Pooping the Party
Don't know why they decided to wreck the fun.
For years, particularly on the northern side of the Canada-U.S. border, trade deadline day arrived with a flood of anticipation and speculation. Both TSN and Sportsnet have gone gavel-to-gavel with casts of thousands in recent years, The Fan 590 has set up it's own "trade desk" and even Leaf TV II - snoozy old Hockey Night in Canada - has been forced to pay attention.
(Quick note. Had to chuckle last Saturday when HNIC, which loves to argue it's not Leaf-centric, spent the entire pre-game show analyzing the burning,nation-wide issue of "What's Wrong with the Leafs?")
So everybody was having a good time watching trades unfold on a day, really, that had grown more interesting and sexy than the first day of entry draft or any other single day on the NHL calendar. Office jobs didn't get done properly, children bolted home from school to see if James Duthie was in a full sweat yet and canny NHL managers with a nose for the camera got a little tube time for their laboring squads.
So what did the NHL do? It changed the rules and, quite possibly, destroyed the party atmosphere.
The deadline used to be 26 days from the end of the schedule. Now it's 40, a creation of last summer's new collective bargaining pact, and there's a broad sense that will play a role in substantially reducing trade traffic up to the deadline.
Two weeks probably won't make a major difference in the NHL standings. But to NHL general managers, there's a big might there, a chance that after wallowing in mediocrity all season their team might just rip off eight straight triumphs and suddenly find itself proud owner of the eighth and final post-season berth in its conference.
The NHL cited competitive legitimacy in changing the date, something you haven't heard from these guys since they were explaining why it was okay for Brett Hull to have his toe in the crease.
Now, not that it's not a whole heapin' heck of fun waiting to see where Mariusz Czerkawski lands tomorrow. Geez, you get the feeling the Leafs would dress Morris Peterson - or David Peterson - before they gave the Polish Prince his skates back.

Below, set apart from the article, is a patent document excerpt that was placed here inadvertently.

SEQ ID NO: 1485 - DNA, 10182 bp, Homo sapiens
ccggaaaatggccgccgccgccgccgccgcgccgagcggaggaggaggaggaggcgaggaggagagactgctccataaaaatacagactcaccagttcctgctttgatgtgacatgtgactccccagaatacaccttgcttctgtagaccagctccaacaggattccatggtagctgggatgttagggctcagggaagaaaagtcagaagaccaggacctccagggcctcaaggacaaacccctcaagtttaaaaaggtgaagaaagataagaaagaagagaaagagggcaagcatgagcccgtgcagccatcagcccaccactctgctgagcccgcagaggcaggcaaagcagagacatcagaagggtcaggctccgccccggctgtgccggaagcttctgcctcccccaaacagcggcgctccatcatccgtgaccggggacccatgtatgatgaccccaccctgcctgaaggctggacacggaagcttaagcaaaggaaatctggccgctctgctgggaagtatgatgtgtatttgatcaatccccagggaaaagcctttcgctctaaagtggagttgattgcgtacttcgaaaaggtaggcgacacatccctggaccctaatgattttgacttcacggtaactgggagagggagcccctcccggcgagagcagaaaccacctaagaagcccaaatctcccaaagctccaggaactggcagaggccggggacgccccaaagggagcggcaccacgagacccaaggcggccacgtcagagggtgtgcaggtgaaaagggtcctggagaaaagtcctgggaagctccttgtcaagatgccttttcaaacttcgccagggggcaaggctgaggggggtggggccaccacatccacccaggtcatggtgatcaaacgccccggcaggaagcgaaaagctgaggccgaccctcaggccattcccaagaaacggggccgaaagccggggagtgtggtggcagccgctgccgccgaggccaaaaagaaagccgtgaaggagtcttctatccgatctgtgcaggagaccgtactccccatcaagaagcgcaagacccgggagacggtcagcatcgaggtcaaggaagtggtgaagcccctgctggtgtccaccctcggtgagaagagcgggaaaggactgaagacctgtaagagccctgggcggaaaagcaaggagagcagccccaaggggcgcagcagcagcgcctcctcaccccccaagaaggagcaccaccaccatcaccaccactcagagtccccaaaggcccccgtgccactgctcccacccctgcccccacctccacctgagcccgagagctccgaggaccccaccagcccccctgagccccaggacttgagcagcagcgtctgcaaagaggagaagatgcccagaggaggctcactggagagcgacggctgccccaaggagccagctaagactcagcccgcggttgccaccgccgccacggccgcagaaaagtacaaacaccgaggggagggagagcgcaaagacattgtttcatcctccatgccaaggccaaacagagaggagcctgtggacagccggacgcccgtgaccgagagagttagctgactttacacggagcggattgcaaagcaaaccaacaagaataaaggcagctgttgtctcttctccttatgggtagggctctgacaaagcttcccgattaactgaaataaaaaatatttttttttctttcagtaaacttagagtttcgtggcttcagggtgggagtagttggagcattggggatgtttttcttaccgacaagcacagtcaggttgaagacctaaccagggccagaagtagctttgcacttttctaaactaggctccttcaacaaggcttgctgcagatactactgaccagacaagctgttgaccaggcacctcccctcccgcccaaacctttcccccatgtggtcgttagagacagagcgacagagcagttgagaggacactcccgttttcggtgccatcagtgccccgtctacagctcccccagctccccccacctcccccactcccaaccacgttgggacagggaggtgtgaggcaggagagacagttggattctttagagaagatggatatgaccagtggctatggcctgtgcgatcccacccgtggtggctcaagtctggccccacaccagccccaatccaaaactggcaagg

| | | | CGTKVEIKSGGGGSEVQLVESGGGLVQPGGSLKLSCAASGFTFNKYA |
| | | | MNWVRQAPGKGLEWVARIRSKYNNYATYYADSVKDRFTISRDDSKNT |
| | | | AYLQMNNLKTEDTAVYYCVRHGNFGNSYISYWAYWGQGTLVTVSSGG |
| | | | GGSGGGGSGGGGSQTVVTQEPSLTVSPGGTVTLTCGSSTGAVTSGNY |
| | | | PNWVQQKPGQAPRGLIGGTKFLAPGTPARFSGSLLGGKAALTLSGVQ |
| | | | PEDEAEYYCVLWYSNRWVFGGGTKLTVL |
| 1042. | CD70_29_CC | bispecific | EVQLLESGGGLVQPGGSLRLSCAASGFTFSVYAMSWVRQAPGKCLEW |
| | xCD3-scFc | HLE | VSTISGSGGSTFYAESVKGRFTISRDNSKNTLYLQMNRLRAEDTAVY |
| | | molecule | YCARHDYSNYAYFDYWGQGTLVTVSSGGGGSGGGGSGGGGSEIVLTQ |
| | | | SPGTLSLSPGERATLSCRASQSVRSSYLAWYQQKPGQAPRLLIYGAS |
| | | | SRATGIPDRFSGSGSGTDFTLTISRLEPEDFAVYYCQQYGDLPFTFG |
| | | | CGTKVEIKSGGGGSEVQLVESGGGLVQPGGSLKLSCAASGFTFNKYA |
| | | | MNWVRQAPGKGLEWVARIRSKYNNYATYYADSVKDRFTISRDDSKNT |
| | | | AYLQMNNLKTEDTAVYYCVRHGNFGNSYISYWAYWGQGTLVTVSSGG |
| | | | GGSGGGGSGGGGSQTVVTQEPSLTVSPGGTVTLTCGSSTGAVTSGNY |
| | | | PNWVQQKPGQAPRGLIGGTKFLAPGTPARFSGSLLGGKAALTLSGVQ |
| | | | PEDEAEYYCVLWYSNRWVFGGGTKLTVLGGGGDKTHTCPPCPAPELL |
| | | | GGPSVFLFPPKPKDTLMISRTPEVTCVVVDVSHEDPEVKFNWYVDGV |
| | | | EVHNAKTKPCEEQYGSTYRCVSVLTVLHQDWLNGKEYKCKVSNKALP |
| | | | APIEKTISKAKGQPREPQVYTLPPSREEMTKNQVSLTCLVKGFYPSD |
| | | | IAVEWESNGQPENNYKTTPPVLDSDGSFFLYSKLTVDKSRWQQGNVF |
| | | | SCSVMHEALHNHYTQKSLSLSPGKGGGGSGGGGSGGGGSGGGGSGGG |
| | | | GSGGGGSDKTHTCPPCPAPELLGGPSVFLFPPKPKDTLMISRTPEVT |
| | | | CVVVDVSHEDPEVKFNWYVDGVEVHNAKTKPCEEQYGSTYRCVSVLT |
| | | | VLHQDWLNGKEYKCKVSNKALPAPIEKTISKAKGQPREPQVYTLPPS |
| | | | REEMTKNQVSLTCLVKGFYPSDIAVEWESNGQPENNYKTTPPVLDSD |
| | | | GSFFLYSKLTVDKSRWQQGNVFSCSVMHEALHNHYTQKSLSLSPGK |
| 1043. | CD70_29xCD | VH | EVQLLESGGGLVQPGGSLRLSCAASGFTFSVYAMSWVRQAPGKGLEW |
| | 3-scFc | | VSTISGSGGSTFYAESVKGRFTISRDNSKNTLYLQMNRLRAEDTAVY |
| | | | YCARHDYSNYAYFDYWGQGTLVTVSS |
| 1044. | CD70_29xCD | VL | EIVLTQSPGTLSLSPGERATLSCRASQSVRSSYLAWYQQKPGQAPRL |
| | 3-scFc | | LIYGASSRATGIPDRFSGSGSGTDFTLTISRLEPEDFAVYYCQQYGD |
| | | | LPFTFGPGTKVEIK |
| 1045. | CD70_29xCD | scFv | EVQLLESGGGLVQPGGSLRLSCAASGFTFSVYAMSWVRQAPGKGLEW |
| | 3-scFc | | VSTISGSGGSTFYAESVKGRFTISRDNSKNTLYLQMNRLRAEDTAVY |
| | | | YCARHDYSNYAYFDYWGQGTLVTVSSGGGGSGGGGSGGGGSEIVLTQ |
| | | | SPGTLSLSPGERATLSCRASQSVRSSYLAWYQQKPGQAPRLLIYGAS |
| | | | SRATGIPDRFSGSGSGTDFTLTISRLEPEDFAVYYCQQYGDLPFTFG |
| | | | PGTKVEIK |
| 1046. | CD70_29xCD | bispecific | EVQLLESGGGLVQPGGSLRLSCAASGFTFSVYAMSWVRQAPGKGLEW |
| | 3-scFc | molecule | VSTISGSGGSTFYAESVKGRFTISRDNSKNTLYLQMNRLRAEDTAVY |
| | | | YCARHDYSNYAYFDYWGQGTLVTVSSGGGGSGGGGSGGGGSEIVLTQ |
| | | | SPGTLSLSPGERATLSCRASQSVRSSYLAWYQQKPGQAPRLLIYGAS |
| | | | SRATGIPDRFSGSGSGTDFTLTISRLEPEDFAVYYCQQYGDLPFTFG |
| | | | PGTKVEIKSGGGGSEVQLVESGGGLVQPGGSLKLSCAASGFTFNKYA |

(Second note/digression: Wasn't that really, really nice the way the Leafs jerked around young defenceman Brendan Bell on Tuesday? They called him up on Monday, let him to all kinds of interviews in which he talked earnestly about getting a shot in the bigs, then let him show up for the pre-game skate on Tuesday before telling him they liked Wade (Norris) Belak better and to get back to the Ricoh. I'm sure ol' Brendan is bleeding a little more blue today)
Waiting for the annual avalanche of deals, and then seeing 20 or so come through, supplied the NHL with a boatload of news and publicity for which it didn't even have to pay a rights fee.
Maybe some GMs and owners didn't like deadline where it was 'cause it gave the smart kids in class yet another advantage. But did you ever hear a single fan complain? And, with the "Thank You Fans" still painted on NHL rinks across North America, isn't that what "My NHL" is supposed to be all about.
Hopefully, I'm wrong. Hopefully tomorrow will include a host of wheelin' dealin' craziness. Even deals bigger than Czerkawski to the Belfast Giants to provide muscle for Theo Fleury, who just might not be on his way back to the NHL any time soon after all.
But if it doesn't, and if the sports networks decide coverage more massive than a federal election has become pointless, and if Barry Bonds' pharmaceutical interests overwhelm every other story, what will the NHL have gained?